These caterpillars certainly know the benefit of strength in numbers. A Thailand resident snagged a video of hundreds of caterpillars ganging up together to form a “creepy-crawly” situation.
The result of this strange insect behavior is a well-organized mega group of caterpillars that looks like it could literally destroy anything in its path.
It’s also totally icky all around, as they travel together in their tight pack, leaving behind a slime trail. If you can stomach it, it’s interesting to watch and see how they all gather up in a huge mass and move together as one totally in sync unit.
Comments on the YouTube video ranged from jokey, such as: “’They’ll never see us coming!’,” to amazed with “Cool!,” to outright repulsed, with comments such as “so disgusted” and “burn it!”
In a 2013 article from Wired.com, they examined why caterpillars move in this fashion, with the YouTube video series Smarter Every Day exploring the idea that the caterpillars move this way to get a speed boost. Using a clever Lego experiment, they were able to better explain the phenomenon, which is very science-y and quite fascinating.
In the YouTube video, they look for answers, explaining in the video description: “While in the Rainforest we discovered a ‘Caterpillar Turbo Mode’ How much faster can a group of caterpillars travel than an individual caterpillar on the same course?”
Discussion in the comments section of the experiment video had plenty of people looking for more answers, with one person summing it up, writing: “Basically the top caterpillars are moving at the same time the bottom ones are…so while on top, they have the speed of themselves moving, and the speed of the caterpillar below them…this means the caterpillars on top are always moving faster and eventually reach the front, then becoming the ones that get walked over. The bottom back caterpillar gets freed up to climb on top. It’s almost like a wheel.”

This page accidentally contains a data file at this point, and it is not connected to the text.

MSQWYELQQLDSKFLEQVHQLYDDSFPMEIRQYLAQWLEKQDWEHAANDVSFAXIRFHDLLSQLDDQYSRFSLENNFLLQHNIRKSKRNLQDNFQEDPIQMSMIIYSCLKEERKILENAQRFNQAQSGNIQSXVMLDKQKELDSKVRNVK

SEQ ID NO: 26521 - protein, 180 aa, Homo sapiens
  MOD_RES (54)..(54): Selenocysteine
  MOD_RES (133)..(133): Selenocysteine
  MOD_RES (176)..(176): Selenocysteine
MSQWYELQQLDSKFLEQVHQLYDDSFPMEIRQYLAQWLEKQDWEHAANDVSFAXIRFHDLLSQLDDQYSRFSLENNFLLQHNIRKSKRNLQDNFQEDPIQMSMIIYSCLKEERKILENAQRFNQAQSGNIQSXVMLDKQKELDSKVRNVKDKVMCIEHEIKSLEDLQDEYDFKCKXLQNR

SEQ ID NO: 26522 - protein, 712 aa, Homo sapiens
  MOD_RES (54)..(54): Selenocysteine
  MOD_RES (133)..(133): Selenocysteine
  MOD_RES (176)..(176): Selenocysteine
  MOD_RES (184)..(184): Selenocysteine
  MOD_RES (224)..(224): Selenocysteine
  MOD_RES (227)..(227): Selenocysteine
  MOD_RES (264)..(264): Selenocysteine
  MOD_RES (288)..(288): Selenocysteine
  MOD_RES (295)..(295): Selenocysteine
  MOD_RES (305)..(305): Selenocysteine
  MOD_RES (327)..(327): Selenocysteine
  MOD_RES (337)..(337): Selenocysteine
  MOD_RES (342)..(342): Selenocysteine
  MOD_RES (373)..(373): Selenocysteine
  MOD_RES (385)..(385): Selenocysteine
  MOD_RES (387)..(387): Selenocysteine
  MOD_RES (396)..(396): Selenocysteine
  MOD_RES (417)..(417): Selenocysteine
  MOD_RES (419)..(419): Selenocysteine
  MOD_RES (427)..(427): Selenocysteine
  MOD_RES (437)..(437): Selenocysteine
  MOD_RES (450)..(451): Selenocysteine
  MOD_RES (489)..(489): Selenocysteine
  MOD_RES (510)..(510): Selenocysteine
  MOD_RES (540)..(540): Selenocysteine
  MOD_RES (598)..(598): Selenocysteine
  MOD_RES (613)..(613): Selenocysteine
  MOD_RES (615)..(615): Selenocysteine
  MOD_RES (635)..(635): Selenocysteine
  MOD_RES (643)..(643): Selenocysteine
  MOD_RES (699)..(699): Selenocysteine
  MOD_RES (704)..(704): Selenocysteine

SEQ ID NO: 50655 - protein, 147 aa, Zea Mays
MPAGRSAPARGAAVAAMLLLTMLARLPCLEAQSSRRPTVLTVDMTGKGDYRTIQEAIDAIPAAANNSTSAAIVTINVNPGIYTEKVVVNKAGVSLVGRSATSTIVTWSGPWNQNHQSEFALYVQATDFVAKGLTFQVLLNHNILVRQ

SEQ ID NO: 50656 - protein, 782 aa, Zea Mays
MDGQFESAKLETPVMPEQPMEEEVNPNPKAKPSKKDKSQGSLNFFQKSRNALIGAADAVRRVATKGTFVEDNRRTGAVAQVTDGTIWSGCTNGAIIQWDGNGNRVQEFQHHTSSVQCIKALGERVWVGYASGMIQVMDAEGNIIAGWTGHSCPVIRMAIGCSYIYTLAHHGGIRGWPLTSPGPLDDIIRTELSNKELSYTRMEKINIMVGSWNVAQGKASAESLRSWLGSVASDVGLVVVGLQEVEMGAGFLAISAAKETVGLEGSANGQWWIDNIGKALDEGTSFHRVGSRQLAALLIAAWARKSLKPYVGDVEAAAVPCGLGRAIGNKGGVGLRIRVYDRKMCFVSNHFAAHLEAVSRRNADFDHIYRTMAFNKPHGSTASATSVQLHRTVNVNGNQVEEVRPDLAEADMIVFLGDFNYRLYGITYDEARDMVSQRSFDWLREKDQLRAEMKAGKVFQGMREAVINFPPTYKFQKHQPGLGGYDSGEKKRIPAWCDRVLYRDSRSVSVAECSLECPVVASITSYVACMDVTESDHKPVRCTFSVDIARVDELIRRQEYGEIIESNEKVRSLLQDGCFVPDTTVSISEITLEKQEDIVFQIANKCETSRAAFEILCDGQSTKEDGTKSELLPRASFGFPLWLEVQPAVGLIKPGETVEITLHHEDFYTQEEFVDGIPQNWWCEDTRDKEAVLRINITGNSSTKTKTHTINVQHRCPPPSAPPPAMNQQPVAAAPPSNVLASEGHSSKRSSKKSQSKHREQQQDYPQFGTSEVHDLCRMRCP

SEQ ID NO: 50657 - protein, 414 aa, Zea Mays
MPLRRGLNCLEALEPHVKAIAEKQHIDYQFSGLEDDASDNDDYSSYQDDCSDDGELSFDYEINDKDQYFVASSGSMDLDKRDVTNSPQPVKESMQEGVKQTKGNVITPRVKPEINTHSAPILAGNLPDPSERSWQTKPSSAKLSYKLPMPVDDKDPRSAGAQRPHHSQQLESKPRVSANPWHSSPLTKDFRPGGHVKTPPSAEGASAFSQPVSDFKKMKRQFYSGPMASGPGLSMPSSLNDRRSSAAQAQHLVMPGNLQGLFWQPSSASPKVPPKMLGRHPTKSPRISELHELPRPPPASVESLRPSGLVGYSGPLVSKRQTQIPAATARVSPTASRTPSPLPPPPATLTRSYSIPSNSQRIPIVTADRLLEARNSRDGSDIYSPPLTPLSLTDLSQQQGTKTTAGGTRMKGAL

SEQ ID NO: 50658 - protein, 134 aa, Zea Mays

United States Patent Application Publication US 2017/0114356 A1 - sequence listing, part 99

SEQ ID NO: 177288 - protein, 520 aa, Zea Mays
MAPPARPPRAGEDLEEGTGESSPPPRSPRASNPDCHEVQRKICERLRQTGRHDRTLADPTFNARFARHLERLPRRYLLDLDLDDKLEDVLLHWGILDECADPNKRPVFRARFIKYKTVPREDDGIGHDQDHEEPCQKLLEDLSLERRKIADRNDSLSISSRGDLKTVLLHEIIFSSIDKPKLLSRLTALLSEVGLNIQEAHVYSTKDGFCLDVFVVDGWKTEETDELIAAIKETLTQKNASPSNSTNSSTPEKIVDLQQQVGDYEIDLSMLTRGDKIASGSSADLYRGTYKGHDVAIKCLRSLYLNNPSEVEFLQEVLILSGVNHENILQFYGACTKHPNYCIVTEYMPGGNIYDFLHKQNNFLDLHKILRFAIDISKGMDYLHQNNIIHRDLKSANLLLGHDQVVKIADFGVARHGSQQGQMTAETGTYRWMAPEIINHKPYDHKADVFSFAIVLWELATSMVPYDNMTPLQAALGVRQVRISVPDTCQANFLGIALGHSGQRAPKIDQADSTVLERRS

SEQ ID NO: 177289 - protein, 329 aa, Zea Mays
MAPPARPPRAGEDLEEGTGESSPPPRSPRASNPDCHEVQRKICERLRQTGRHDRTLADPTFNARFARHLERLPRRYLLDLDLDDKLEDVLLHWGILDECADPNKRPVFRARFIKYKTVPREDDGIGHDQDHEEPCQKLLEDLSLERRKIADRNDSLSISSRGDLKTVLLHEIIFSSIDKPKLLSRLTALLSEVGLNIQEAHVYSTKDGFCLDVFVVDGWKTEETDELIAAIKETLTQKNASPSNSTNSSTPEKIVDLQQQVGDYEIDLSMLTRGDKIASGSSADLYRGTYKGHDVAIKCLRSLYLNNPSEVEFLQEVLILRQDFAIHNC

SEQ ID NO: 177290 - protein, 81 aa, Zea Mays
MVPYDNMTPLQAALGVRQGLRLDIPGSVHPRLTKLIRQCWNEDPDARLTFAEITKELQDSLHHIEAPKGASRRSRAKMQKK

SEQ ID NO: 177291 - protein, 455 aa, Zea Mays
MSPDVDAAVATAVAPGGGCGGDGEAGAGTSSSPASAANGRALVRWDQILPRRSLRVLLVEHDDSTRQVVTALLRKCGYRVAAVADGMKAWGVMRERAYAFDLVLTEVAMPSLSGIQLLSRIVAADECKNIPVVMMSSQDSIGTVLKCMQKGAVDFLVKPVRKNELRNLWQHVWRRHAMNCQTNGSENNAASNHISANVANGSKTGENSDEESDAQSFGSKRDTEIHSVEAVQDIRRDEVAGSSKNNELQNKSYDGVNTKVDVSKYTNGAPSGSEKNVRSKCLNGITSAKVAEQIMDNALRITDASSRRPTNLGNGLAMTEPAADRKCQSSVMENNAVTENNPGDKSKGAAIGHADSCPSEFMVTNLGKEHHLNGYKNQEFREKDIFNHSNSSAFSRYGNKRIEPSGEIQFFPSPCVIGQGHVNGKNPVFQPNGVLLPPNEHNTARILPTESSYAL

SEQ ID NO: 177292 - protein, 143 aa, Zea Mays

Another commenter posed this theory, however: “1) The caterpillars stop for a while every time they move, so they aren’t as fast as a single caterpillar moving the entire time. 2) Caterpillars aren’t Legos, the different levels are intertwined, some of them even move backwards.”
They added: “To me this just looks like a tactic to look like a larger creature to predators while they move about. There’s no real efficiency in anything. When a bird sees a caterpillar – moving or not – it knows it’s a caterpillar; But when a bird sees this thing in the video it’s not going to see it as something it can easily swallow.”
Another commenter noted: “I am skeptical. I don’t think this is energy efficient and I’m not sure this is faster given how often they stop. I am far more confident that this is a safety strategy. Perhaps this looks intimidating to predators or is too confusing/scary.”
Still another person made a similar observation, writing: “I think they’re doing this do distract predators, such as birds. If they move in a group, they doesn’t seem like a typical prey. You know, like worm shape. And I think they stop from time to time to don’t get high attention as well.”